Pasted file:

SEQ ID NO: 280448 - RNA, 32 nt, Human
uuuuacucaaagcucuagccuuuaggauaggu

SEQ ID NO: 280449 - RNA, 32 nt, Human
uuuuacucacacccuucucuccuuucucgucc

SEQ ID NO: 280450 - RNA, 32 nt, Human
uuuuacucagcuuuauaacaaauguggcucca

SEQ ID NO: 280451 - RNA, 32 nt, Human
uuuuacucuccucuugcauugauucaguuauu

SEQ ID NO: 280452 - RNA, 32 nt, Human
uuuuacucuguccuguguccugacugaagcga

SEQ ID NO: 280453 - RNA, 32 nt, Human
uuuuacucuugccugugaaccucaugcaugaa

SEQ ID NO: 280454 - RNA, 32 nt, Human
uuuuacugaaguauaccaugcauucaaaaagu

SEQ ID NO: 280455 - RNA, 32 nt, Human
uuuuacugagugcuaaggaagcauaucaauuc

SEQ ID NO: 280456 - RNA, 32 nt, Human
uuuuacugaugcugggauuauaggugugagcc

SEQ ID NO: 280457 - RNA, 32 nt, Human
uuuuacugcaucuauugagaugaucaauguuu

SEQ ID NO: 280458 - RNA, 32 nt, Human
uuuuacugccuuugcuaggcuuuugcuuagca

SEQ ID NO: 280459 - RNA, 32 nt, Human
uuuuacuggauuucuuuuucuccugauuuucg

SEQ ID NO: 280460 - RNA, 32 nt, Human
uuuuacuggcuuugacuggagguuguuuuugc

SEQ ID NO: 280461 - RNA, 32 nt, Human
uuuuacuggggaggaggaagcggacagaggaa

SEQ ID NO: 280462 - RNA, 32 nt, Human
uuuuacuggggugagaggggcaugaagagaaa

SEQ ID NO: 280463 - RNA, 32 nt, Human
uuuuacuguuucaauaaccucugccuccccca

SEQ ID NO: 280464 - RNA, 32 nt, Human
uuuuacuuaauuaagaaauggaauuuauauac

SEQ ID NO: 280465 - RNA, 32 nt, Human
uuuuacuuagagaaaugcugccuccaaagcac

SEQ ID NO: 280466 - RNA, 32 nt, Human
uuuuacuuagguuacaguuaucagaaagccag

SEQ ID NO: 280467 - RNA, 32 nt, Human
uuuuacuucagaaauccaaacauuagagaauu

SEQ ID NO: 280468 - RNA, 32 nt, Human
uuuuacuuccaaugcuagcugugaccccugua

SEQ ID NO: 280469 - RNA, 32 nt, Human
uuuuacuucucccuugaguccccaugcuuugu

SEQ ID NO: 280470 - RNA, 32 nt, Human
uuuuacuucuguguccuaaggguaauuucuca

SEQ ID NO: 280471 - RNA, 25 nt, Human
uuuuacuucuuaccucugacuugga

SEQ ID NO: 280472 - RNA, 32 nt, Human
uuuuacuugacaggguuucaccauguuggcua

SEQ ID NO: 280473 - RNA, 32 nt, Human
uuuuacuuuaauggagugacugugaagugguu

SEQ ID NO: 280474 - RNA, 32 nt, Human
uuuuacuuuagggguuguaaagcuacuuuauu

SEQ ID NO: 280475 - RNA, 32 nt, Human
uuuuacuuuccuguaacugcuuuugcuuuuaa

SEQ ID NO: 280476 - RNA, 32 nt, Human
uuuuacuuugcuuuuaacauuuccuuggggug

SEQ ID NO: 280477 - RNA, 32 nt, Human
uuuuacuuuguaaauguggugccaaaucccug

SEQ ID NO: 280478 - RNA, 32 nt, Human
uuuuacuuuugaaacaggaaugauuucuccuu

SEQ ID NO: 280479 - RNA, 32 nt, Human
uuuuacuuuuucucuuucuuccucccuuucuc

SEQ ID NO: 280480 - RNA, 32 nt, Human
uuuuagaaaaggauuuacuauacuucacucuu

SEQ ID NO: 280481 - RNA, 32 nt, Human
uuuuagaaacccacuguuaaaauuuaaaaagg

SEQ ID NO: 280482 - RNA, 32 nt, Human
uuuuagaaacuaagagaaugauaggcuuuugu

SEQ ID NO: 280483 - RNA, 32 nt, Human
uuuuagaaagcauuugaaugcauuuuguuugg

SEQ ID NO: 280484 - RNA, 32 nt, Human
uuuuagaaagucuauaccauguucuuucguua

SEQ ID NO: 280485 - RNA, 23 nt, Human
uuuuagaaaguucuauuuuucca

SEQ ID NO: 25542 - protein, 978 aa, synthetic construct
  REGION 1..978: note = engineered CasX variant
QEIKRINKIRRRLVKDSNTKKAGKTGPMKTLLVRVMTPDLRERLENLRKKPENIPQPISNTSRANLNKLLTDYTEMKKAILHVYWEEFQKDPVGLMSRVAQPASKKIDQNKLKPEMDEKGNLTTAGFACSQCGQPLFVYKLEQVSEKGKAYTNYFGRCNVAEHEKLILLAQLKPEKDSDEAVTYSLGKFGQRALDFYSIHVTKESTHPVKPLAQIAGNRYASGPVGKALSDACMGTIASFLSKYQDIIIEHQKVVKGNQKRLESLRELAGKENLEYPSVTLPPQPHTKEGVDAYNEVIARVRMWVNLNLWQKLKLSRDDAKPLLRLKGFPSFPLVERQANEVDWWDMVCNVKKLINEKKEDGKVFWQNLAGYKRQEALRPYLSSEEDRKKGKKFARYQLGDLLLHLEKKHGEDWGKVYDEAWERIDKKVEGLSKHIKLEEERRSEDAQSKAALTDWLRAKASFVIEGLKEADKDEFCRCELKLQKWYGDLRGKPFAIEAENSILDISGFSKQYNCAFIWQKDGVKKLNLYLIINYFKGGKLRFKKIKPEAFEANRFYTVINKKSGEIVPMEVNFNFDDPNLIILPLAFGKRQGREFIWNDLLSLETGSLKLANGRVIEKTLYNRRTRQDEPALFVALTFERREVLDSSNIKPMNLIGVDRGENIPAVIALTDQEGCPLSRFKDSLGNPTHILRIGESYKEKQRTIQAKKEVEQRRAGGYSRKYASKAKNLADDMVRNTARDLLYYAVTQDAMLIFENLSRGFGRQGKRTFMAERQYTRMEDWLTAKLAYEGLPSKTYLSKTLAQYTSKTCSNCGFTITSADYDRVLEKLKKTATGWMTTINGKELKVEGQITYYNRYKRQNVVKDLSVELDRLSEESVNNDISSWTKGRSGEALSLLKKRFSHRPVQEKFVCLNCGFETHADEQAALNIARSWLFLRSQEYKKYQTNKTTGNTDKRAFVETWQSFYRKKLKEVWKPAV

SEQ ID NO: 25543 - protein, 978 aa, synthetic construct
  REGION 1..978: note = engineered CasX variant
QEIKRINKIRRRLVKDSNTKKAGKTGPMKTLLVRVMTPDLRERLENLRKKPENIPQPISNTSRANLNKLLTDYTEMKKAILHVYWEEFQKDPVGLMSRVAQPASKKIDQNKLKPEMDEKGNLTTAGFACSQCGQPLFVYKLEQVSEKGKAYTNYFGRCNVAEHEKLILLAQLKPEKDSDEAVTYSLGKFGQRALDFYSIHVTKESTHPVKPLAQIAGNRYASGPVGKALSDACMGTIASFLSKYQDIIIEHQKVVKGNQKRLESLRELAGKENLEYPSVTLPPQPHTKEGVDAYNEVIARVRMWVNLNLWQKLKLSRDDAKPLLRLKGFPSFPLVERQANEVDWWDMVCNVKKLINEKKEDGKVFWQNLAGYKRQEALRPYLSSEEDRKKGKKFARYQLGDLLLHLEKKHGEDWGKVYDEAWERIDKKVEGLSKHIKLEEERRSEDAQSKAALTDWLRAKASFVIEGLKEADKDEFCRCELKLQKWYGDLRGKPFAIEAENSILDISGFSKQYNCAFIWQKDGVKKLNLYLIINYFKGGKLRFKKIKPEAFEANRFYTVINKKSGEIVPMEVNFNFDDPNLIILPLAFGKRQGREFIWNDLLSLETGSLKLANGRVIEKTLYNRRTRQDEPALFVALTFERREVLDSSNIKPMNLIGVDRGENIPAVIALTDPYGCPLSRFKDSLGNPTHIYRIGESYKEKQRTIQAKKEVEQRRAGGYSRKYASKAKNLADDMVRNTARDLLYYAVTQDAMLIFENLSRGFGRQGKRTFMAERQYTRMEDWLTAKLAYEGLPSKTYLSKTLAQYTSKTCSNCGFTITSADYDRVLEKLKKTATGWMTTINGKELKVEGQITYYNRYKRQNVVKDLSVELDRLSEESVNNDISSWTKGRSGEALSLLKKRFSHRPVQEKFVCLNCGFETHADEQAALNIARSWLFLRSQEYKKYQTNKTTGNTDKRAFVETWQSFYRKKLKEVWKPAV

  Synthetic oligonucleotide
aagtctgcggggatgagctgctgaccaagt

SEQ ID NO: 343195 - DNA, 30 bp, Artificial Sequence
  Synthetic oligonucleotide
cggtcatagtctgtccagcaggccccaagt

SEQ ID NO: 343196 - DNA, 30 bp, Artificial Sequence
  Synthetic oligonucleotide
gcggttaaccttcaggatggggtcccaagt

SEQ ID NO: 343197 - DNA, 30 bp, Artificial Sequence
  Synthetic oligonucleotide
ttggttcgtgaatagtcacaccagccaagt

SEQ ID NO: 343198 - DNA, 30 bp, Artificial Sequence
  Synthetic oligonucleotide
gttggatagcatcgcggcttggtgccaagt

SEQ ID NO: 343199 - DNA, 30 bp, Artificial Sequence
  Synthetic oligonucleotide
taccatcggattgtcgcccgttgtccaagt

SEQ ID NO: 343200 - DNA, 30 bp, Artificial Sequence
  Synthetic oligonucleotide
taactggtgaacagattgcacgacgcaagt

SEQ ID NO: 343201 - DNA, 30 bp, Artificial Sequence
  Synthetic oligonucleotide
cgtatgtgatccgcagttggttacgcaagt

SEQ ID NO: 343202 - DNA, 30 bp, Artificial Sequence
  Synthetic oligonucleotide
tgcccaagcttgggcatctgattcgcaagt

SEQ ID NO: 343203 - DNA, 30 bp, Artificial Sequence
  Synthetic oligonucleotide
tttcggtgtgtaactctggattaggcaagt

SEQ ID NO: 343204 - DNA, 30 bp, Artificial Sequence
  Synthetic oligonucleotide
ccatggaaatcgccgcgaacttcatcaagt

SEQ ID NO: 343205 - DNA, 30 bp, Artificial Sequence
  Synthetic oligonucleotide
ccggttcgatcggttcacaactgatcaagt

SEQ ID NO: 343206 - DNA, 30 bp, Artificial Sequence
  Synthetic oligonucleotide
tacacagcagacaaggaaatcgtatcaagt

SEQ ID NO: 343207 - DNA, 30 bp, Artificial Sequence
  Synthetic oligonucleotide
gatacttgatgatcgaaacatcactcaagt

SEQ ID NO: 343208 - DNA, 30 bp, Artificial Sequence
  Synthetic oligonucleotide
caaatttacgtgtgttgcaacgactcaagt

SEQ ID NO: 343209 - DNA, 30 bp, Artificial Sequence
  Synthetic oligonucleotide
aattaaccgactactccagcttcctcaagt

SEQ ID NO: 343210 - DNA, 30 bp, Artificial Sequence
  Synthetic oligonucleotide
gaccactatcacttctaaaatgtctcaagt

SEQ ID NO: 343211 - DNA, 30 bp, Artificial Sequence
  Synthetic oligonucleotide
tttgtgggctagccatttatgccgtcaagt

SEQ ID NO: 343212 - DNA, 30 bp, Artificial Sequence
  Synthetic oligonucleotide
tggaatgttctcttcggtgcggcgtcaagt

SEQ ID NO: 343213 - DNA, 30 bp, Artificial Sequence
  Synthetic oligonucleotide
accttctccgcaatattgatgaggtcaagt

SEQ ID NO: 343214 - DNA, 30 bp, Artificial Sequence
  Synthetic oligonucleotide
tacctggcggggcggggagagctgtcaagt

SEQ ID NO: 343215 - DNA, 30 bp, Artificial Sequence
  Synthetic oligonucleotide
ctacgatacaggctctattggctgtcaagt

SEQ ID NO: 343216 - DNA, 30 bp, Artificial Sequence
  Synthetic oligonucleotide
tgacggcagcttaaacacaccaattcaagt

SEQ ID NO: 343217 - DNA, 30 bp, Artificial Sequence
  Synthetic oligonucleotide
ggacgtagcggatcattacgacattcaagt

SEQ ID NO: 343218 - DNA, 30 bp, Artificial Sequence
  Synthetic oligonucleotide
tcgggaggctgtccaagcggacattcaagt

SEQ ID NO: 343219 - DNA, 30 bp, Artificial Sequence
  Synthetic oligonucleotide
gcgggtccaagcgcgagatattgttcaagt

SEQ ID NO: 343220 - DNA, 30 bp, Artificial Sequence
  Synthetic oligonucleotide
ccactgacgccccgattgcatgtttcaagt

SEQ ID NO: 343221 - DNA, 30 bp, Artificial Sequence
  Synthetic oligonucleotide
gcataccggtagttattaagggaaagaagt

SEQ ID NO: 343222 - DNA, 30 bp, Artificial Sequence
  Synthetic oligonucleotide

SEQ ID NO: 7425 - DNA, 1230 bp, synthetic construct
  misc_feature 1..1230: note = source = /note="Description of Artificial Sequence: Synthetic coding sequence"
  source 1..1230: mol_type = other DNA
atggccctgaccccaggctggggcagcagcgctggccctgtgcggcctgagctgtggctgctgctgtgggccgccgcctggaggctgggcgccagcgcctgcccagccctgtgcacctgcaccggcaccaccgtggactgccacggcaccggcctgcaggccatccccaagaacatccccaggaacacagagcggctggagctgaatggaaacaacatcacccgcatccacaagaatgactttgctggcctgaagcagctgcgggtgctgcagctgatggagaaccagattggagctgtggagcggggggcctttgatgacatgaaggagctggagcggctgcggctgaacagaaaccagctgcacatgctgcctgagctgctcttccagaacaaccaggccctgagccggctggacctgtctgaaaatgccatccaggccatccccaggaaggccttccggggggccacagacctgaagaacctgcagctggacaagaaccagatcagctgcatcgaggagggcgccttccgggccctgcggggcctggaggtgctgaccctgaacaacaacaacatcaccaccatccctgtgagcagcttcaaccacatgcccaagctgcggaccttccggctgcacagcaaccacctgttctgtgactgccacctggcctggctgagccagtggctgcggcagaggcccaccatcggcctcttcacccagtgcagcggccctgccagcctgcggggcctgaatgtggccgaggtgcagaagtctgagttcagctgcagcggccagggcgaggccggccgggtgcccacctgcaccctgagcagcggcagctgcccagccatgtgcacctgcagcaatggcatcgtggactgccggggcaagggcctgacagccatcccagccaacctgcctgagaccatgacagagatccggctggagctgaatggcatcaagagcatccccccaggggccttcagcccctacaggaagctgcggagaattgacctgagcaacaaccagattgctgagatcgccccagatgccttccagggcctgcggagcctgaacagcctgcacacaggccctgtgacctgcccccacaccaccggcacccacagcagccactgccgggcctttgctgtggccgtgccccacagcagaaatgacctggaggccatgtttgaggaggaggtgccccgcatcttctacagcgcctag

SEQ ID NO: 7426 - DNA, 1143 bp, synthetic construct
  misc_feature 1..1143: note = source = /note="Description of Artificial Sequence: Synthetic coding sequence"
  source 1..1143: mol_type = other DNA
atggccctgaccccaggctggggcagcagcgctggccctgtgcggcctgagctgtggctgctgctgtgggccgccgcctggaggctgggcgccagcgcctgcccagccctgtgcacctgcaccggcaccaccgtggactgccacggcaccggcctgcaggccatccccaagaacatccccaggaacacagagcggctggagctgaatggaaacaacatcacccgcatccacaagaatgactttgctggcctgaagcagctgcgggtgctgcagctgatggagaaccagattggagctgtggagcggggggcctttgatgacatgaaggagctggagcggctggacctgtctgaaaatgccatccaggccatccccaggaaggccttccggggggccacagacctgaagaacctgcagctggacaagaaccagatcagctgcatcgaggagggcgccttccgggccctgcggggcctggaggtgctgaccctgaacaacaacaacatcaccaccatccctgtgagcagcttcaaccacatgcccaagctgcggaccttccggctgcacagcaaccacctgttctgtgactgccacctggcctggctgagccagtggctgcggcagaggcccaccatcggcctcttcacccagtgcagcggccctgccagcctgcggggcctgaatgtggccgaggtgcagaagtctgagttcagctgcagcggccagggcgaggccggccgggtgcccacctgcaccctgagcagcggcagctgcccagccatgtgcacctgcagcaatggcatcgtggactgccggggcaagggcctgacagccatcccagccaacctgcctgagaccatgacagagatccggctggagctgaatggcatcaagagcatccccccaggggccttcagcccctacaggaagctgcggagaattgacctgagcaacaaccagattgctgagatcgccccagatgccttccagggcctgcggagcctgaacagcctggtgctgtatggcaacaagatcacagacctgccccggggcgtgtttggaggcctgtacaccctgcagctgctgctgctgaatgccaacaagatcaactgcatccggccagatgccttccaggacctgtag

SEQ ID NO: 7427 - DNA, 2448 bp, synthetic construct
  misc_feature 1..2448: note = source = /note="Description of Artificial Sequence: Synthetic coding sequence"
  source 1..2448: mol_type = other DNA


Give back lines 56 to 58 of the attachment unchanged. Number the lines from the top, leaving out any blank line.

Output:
uuuuacuuuccuguaacugcuuuugcuuuuaa

SEQ ID NO: 280476 - RNA, 32 nt, Human
uuuuacuuugcuuuuaacauuuccuuggggug